Tuesday, March 16, 2010

Old New Same Old Labour


In another 5 years they'll have control of the police too

Once upon a time you knew where you were with Labour. They spent shedloads of your dosh on half-baked social engineering projects undermining the social fabric, they wrecked the economy, and they were hostage to the unions.

Then Old Labour got replaced by New Labour. They spent shedloads of your dosh on half-baked social engineering projects undermining the social fabric, they wrecked the economy, and they were hostage to the unions.Very confusing.

So it's good to see New Labour replaced by Same Old Labour. They spend shedloads of your dosh on half-baked, etc etc.

Labour's financial dependency on the unions stinks. The unions fund the party, and the party gives the unions millions of your money in the form of various douceurs such as the £7m so-called Modernisation Fund.

Even more damagingly, the party also gives the unions a whole raft of workplace regulation - like statutory paternity leave - that imposes a huge cost burden on business (eg the notorious Warwick Agreement, under which Blair gave the unions increased holiday entitlements, and they gave Labour £8m to fight the 2005 election campaign).

Of course, post-Thatcher, the big unions are now mainly confined to the public sector. We've blogged this many times (eg here), but here's the key chart showing how union density (ie the proportion of employees who are union members) is nearly four times higher in the public sector compared to the private:


Unsurpisingly, the public sector's strike record is much worse than the private sector's:



The TPA has just published an updated analysis of this strike record relative to numbers employed in each sector. They find that the average public sector worker is 15 times more likely to strike for a day than his counterpart in the private sector.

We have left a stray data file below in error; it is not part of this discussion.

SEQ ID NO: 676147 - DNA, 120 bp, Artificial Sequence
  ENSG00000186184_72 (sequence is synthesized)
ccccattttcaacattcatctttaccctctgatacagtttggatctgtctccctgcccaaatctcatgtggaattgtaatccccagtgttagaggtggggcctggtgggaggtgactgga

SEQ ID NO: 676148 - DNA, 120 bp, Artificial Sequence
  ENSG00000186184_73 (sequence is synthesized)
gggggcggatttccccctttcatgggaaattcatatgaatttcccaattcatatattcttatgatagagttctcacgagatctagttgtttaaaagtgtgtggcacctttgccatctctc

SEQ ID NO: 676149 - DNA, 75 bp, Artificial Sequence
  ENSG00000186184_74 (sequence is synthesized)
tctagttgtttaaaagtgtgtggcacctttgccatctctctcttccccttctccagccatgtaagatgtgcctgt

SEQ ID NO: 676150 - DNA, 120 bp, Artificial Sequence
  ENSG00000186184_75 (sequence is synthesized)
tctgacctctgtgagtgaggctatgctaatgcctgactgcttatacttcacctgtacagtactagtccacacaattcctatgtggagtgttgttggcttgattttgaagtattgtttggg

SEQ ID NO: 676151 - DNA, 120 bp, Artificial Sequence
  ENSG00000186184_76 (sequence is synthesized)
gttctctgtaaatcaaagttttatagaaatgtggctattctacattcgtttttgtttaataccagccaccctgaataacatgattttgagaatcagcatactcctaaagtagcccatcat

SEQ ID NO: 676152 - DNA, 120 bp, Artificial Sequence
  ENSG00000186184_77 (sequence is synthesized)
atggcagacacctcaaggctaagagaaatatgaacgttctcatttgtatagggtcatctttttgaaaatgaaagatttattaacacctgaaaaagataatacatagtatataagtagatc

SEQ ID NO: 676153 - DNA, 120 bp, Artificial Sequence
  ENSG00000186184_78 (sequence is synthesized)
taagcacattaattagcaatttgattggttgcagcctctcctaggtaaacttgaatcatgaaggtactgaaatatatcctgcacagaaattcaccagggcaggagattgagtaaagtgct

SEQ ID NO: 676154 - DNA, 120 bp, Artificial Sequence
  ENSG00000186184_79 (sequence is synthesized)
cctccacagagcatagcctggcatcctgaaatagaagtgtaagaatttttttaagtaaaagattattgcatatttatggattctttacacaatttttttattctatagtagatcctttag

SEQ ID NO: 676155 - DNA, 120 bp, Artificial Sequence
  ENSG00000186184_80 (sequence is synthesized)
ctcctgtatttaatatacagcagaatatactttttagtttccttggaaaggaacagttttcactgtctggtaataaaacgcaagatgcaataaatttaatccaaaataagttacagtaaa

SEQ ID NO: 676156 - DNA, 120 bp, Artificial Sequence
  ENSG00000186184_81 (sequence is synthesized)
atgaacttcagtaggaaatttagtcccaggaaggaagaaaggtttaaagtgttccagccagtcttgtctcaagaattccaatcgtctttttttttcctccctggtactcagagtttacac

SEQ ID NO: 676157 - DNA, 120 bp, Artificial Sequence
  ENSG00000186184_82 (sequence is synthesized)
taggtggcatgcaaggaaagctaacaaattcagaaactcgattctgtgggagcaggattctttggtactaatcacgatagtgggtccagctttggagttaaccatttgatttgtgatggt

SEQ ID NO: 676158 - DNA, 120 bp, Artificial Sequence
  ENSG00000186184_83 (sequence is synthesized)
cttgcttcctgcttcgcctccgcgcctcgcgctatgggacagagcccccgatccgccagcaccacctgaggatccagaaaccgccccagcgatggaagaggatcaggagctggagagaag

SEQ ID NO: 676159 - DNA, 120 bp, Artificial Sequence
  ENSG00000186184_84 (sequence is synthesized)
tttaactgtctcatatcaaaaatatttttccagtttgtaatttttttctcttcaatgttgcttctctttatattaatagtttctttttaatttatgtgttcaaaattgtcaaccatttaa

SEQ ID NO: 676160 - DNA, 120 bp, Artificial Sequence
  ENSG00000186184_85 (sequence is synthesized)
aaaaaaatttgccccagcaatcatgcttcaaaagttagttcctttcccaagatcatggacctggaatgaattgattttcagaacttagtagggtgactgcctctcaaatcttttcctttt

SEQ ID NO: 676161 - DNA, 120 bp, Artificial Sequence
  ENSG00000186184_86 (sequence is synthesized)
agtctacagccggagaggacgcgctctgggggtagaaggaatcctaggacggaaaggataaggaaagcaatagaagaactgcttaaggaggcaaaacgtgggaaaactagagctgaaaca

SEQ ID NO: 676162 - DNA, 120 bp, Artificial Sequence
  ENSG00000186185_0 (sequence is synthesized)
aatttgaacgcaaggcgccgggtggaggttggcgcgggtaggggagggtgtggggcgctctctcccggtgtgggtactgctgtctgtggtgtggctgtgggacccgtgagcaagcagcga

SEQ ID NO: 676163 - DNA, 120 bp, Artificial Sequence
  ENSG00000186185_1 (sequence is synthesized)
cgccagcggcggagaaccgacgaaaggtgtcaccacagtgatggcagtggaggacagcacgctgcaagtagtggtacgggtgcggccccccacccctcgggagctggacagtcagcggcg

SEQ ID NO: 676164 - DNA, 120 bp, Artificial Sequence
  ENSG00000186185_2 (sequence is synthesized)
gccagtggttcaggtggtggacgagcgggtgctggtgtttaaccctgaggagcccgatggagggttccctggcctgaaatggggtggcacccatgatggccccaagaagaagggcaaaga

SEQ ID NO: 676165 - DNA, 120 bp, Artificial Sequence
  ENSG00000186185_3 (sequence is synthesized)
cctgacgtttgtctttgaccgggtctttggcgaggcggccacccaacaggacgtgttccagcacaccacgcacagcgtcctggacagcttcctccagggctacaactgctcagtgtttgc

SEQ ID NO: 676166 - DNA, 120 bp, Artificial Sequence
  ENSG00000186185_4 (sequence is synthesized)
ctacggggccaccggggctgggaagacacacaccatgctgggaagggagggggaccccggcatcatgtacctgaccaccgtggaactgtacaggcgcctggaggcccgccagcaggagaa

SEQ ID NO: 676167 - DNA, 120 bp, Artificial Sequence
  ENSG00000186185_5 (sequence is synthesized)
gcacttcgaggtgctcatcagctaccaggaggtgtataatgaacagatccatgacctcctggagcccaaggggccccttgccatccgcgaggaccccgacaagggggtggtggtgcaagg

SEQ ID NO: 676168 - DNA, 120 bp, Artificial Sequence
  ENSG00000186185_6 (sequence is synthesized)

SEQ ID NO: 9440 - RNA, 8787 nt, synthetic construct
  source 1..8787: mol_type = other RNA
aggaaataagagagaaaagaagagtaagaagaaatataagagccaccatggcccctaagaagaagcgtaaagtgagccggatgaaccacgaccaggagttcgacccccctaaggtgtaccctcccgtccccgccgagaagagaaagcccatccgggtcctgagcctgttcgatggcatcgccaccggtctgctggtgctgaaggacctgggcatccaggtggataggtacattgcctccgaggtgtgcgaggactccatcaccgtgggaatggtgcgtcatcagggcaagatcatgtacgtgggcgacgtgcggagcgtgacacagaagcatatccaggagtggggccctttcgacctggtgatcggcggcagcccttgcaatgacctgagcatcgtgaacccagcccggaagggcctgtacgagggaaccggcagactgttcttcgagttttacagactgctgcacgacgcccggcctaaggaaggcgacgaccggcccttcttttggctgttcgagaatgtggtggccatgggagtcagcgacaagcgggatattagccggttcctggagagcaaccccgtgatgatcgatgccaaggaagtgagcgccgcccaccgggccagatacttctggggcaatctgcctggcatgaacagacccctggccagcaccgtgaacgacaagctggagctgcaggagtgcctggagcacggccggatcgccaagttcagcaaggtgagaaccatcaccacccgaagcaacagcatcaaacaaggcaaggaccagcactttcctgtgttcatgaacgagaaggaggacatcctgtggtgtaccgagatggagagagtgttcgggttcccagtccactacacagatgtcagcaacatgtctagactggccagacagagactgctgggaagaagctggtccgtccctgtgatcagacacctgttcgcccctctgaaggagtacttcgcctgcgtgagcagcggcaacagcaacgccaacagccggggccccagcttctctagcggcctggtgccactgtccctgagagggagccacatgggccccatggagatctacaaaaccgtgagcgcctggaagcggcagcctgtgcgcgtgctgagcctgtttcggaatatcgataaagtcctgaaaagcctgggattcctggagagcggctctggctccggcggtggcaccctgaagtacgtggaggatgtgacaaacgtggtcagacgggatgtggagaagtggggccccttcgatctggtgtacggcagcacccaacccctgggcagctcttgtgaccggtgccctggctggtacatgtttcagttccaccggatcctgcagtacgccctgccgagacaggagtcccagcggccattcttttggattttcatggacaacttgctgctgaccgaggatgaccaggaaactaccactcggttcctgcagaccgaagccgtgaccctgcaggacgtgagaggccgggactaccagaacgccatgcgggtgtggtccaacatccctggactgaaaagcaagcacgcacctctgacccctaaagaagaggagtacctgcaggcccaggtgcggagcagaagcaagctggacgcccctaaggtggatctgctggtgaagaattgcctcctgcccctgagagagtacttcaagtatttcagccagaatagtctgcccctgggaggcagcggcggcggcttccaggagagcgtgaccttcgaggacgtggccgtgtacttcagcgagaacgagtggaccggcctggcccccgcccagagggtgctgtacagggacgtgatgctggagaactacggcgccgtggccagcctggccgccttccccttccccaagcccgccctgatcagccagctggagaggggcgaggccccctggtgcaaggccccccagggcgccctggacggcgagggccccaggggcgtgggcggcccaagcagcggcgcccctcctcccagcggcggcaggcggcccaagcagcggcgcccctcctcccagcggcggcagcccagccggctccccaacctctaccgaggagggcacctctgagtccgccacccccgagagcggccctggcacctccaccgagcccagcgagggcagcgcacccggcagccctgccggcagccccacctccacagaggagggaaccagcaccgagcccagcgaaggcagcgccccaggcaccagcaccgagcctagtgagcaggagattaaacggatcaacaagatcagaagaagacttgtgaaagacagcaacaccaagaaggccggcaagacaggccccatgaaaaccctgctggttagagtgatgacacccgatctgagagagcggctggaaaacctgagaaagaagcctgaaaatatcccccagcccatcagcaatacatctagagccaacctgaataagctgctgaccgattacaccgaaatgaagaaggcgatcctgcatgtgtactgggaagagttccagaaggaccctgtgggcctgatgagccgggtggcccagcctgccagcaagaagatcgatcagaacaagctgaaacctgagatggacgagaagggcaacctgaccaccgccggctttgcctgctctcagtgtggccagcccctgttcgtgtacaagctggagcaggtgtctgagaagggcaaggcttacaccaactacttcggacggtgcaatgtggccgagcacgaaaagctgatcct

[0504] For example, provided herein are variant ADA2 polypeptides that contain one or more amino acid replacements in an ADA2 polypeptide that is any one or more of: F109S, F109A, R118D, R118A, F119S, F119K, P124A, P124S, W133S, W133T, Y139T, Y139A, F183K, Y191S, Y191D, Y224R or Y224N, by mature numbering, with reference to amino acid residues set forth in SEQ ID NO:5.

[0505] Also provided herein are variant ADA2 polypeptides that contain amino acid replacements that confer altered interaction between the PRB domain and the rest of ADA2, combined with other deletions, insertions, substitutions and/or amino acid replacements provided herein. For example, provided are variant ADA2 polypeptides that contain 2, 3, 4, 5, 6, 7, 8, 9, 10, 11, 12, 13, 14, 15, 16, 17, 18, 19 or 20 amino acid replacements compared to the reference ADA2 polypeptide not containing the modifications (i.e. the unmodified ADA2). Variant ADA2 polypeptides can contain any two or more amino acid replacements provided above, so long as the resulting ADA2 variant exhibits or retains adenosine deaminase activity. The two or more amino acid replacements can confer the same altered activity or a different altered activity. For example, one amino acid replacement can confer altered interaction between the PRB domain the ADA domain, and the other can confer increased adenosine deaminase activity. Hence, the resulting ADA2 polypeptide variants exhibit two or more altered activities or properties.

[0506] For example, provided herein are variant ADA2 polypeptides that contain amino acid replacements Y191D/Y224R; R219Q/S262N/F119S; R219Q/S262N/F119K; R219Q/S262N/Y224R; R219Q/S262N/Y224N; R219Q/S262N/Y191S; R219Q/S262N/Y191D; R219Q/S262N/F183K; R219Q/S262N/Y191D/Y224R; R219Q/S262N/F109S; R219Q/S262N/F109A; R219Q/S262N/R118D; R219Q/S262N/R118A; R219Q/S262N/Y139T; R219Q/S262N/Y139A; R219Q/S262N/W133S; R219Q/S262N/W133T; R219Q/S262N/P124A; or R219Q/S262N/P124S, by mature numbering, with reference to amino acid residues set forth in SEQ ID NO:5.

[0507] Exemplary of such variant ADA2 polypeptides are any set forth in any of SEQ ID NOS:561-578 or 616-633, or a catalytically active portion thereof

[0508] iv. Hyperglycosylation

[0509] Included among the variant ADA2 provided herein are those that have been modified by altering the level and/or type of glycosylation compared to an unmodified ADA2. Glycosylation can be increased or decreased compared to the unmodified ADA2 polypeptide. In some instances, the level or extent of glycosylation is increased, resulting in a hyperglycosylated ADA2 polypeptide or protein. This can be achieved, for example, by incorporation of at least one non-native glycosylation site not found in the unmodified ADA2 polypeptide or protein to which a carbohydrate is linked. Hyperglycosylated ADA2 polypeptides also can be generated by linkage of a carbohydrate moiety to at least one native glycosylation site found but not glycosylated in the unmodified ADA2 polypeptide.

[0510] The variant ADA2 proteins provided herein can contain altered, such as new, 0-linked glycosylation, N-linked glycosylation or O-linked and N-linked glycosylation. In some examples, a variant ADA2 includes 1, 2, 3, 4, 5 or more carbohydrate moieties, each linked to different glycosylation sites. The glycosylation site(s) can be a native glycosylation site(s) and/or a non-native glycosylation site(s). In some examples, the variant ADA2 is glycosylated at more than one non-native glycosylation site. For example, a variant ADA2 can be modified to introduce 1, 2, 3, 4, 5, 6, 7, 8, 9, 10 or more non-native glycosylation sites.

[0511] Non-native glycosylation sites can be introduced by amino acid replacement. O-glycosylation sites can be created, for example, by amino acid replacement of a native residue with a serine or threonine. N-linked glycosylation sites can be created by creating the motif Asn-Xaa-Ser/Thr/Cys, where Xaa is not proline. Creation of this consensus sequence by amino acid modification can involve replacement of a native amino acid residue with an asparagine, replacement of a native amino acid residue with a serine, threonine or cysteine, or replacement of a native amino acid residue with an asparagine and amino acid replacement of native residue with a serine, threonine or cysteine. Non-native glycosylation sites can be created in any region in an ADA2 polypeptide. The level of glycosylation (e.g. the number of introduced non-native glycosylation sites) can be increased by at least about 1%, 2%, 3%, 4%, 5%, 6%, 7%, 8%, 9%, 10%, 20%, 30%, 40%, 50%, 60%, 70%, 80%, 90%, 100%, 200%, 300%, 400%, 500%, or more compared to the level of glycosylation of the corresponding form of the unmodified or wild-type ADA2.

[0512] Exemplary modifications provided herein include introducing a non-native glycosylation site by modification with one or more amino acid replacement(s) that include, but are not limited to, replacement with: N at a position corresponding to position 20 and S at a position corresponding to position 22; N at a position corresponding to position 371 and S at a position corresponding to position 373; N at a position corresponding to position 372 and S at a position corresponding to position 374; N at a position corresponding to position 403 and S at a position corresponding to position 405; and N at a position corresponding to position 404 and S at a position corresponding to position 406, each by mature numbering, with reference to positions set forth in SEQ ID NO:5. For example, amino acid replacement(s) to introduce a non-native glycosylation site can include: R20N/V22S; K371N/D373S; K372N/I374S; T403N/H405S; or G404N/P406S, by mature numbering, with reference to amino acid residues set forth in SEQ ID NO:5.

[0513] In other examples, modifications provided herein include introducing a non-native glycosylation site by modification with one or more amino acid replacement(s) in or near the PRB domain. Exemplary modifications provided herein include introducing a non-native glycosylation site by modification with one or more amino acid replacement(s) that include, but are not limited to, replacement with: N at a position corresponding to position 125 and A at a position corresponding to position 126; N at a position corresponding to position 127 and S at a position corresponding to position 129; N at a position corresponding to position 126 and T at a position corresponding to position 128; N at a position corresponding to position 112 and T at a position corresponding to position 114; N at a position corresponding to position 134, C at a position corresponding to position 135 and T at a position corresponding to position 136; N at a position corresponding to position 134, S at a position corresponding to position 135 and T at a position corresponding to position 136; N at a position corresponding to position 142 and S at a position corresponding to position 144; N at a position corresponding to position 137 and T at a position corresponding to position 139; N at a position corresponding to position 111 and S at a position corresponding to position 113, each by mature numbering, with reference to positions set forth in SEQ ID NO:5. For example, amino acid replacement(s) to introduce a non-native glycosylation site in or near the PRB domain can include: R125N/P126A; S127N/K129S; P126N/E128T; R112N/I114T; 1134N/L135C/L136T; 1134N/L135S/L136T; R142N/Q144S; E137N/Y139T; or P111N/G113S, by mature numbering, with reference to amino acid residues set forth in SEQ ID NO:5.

BA is one of the few big private companies with high unionisation, reflecting its origins as a nationalised industry. But there the similarities with the public sector end. Unlike our Old-New-Old Labour government, BA management have made it quite clear they are prepared to take the unions on.

And take them on they must. According to Tyler's correspondent airside, BA cabin crew are ludicrously overpaid relative to industry averages. Judicious exploitation of allowances can apparently bring BA long-haul cabin crew up to £70 grand pa, which is simply not sustainable in these straightened times.

Indeed, it's no more sustainable than the existing pay and conditions of our unionised public employees. As we've blogged before, whoever wins the next election will have to prune the public sector paybill drastically. It's now running at 15% of GDP, and must be cut. Some combination of redundancies, pay freezes, and increased employee pension contributions, will have to be imposed.

Now, does anyone see Bottler Brown suddenly turning into Willie Walsh?

PS So even the Big Government European Commission reckons Labour's budget plans are wildly irresponsible. They say “The fiscal strategy... is not sufficiently ambitious and needs to be significantly reinforced. A credible timeframe for restoring public finances to a sustainable position requires additional fiscal tightening measures beyond those currently planned.” We'll take a closer look at the EC report later, but this is a pretty clear vote of no-confidence, and sterling has already taken another downward lurch.

1 comment:

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